Small Businesses Can Still Benefit from Big Data

Small Businesses Can Still Benefit from Big Data

“Big data” has become a fairly prominent term in the business community in the last few years, and generally refers to the massive amounts of information being collected on consumers by major tech companies and other firms, which can then be turned into usable reports for specific businesses or other initiatives. And while many small business owners may think this might not be able to benefit their companies, but in reality, there are a number of ways big data can be of use to them.

Today, more than nine out of 10 retailers say that analytics culled from big data initiatives is at least somewhat vital to retaining customers and already about three in five businesses keep their own information on customers or clients, according to a report from American Banker. That, in and of itself, highlights just how important certain kinds of data can be and for this reason, it might be vital for small business owners to look into the ways big data can be of use to them going forward.

One of the best access points many of these companies may have when it comes to tapping massive amounts of information on potential customers is through major financial institutions, the report said. These companies are, in growing numbers, offering small businesses more access to insights into the marketplace that could be used to increase the reach of their companies. For instance, analytics about how much credit card users spend versus those with debit accounts or cash could give companies insight into the best options for streamlining the payment systems they use every day, which in turn might help them to save money over the course of a month or a year.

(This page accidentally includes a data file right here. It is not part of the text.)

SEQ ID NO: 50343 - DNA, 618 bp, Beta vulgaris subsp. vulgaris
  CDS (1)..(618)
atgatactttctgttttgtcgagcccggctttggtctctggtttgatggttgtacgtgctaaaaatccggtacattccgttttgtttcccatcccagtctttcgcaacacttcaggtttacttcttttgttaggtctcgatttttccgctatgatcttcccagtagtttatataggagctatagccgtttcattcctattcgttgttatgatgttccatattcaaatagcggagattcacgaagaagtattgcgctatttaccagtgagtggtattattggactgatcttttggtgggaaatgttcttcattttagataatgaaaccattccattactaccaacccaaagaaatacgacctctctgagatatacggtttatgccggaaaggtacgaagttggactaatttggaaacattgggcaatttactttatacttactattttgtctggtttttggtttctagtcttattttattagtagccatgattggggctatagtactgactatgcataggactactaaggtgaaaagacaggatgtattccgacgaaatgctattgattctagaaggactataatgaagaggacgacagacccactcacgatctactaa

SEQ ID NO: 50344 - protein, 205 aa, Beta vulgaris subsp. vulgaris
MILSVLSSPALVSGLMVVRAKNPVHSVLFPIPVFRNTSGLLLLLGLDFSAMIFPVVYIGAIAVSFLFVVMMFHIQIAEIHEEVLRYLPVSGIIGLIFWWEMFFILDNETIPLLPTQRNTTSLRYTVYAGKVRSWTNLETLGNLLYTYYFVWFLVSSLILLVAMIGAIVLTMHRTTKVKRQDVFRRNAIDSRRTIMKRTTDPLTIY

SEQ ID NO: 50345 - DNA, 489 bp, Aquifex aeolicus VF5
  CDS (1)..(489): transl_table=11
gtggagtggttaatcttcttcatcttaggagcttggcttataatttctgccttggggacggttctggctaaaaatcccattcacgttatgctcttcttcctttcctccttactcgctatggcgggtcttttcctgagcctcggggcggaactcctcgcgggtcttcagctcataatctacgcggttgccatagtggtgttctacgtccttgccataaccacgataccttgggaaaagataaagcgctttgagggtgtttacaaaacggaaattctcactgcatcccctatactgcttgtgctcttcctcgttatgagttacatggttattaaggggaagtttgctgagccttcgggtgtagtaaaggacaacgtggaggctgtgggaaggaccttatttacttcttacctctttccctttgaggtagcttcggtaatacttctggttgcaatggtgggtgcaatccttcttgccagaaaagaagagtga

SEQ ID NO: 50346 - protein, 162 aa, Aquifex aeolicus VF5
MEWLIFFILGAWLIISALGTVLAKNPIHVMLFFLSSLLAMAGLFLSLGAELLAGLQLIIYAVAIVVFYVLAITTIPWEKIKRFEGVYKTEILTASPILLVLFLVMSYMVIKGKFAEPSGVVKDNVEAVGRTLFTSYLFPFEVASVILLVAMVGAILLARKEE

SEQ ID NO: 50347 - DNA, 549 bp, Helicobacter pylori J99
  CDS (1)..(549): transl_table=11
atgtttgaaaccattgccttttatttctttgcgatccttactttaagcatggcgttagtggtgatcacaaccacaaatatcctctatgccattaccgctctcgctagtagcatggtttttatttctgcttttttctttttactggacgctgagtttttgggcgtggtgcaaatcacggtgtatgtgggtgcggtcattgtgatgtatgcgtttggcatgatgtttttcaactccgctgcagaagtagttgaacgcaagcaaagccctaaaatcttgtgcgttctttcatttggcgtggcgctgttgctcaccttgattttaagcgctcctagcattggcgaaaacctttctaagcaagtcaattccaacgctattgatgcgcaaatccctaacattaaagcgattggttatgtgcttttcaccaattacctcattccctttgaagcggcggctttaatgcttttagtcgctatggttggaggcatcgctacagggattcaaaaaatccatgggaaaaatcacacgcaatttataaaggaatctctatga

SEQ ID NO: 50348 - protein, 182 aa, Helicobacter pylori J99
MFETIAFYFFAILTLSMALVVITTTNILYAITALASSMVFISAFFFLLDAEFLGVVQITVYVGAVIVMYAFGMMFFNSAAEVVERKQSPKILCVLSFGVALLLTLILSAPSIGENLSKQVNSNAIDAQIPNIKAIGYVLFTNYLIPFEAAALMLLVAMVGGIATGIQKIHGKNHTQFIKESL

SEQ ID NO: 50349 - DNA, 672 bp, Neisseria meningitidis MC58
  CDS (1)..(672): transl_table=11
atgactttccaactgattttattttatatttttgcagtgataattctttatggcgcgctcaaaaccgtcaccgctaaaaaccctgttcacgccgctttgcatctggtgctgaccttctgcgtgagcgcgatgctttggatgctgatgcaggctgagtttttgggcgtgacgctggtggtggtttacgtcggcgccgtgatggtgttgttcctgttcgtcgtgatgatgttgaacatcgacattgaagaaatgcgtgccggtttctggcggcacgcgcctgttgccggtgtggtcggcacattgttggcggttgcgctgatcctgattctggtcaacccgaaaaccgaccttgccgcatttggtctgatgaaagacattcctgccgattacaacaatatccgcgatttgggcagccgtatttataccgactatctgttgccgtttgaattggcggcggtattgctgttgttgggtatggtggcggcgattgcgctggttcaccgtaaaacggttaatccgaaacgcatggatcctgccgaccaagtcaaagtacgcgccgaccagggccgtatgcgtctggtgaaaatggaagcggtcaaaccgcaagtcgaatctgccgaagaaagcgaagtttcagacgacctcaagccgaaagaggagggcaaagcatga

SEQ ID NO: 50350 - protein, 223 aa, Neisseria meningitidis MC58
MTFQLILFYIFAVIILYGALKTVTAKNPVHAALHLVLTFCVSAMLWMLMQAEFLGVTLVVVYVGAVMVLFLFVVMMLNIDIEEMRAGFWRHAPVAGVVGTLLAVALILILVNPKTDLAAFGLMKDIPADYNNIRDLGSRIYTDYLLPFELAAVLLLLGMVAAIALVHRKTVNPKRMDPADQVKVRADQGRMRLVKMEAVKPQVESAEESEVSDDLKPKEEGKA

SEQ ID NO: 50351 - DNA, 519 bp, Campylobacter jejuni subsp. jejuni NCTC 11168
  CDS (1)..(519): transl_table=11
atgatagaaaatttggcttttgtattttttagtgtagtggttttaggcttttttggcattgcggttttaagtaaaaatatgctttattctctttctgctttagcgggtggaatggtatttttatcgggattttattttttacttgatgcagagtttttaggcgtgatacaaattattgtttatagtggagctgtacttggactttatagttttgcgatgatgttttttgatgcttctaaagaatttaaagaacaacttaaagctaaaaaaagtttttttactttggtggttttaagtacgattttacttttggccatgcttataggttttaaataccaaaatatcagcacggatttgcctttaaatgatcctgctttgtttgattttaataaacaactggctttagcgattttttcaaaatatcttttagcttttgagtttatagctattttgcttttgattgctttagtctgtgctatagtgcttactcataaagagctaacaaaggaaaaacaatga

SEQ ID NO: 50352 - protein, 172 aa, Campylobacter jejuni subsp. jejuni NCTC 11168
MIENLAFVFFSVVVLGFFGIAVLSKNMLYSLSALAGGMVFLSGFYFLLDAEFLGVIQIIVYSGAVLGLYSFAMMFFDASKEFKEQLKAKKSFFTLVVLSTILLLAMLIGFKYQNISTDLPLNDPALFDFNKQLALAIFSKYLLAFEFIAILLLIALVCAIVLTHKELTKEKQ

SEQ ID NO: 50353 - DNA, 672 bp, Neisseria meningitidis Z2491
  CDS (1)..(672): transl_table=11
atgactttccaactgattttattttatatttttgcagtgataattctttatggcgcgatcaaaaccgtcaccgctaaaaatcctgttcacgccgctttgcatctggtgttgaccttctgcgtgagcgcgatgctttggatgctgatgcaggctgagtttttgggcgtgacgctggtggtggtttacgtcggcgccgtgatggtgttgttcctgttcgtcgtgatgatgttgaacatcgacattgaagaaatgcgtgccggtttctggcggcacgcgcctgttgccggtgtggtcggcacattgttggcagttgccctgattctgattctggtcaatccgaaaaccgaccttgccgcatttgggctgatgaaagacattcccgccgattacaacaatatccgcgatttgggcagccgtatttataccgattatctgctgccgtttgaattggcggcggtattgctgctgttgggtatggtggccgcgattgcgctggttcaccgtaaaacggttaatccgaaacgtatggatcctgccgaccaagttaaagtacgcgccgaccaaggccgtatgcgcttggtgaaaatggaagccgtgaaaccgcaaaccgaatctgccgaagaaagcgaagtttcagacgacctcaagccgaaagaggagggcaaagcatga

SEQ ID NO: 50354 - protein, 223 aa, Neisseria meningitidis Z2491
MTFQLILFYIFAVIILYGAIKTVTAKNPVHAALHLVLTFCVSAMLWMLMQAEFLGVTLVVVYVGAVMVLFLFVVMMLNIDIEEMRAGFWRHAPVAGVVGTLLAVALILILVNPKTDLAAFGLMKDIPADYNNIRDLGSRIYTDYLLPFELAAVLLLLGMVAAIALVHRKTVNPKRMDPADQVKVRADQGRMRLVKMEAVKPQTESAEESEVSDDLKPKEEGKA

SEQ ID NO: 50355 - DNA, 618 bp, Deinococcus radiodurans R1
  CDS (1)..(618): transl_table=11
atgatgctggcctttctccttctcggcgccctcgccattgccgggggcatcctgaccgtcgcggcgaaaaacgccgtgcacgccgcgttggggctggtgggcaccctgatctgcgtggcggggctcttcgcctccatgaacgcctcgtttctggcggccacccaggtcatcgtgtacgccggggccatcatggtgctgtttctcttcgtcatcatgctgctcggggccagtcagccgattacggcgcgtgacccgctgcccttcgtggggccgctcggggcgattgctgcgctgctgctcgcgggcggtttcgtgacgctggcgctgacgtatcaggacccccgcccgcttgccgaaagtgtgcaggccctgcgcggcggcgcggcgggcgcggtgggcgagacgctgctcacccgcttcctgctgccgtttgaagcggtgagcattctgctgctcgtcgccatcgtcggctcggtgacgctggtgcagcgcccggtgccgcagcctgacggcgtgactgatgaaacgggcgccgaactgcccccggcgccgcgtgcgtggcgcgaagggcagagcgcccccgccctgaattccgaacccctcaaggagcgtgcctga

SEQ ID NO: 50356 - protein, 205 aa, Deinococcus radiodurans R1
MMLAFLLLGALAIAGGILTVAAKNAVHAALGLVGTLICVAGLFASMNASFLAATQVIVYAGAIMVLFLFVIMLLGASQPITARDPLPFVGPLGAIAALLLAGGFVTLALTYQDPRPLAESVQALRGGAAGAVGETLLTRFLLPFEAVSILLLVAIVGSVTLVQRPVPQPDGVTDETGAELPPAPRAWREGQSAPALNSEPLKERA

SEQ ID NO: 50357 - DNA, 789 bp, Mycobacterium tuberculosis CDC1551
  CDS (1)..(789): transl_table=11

The reason this might be so easy is that many banks in particular already keep track of payment information for their clients, and taking the time to aggregate that into actionable data for small businesses – while it will likely come with a price tag – will potentially help to clarify some issues for the companies involved, the report said. That, in turn, can quickly translate into real-world dollars that might otherwise be going untapped by small businesses.

“The addenda records on payments are vital and helpful for the accounts payable departments of clients,” Rick Hall, senior vice president and director of product strategy at Associated Bank, told the site. “As you get more electronic, you have the ability to deliver more information and that info is helpful and beneficial: it creates a lower-cost infrastructure from a financial institution perspective and it creates more information and value to the client.”

Other companies can help as well
While financial institutions can certainly provide instructive information to small businesses, it’s important or owners to keep in mind that other companies collect different types of data that can be just as valuable, the report said. Information on customer demographics in their area, or other information that can help them to better understand the ways in which they might be able to better tailor their products or services to what people in their areas generally want or need could obviously be vital going forward.

Of course, when it comes to large amounts of data, companies may also need to do more to safeguard the information they hang onto and try to aggregate as well. Investing in small business insurance options including tech insurance will likely serve to better protect them from the fallout of data breaches when and if they occur.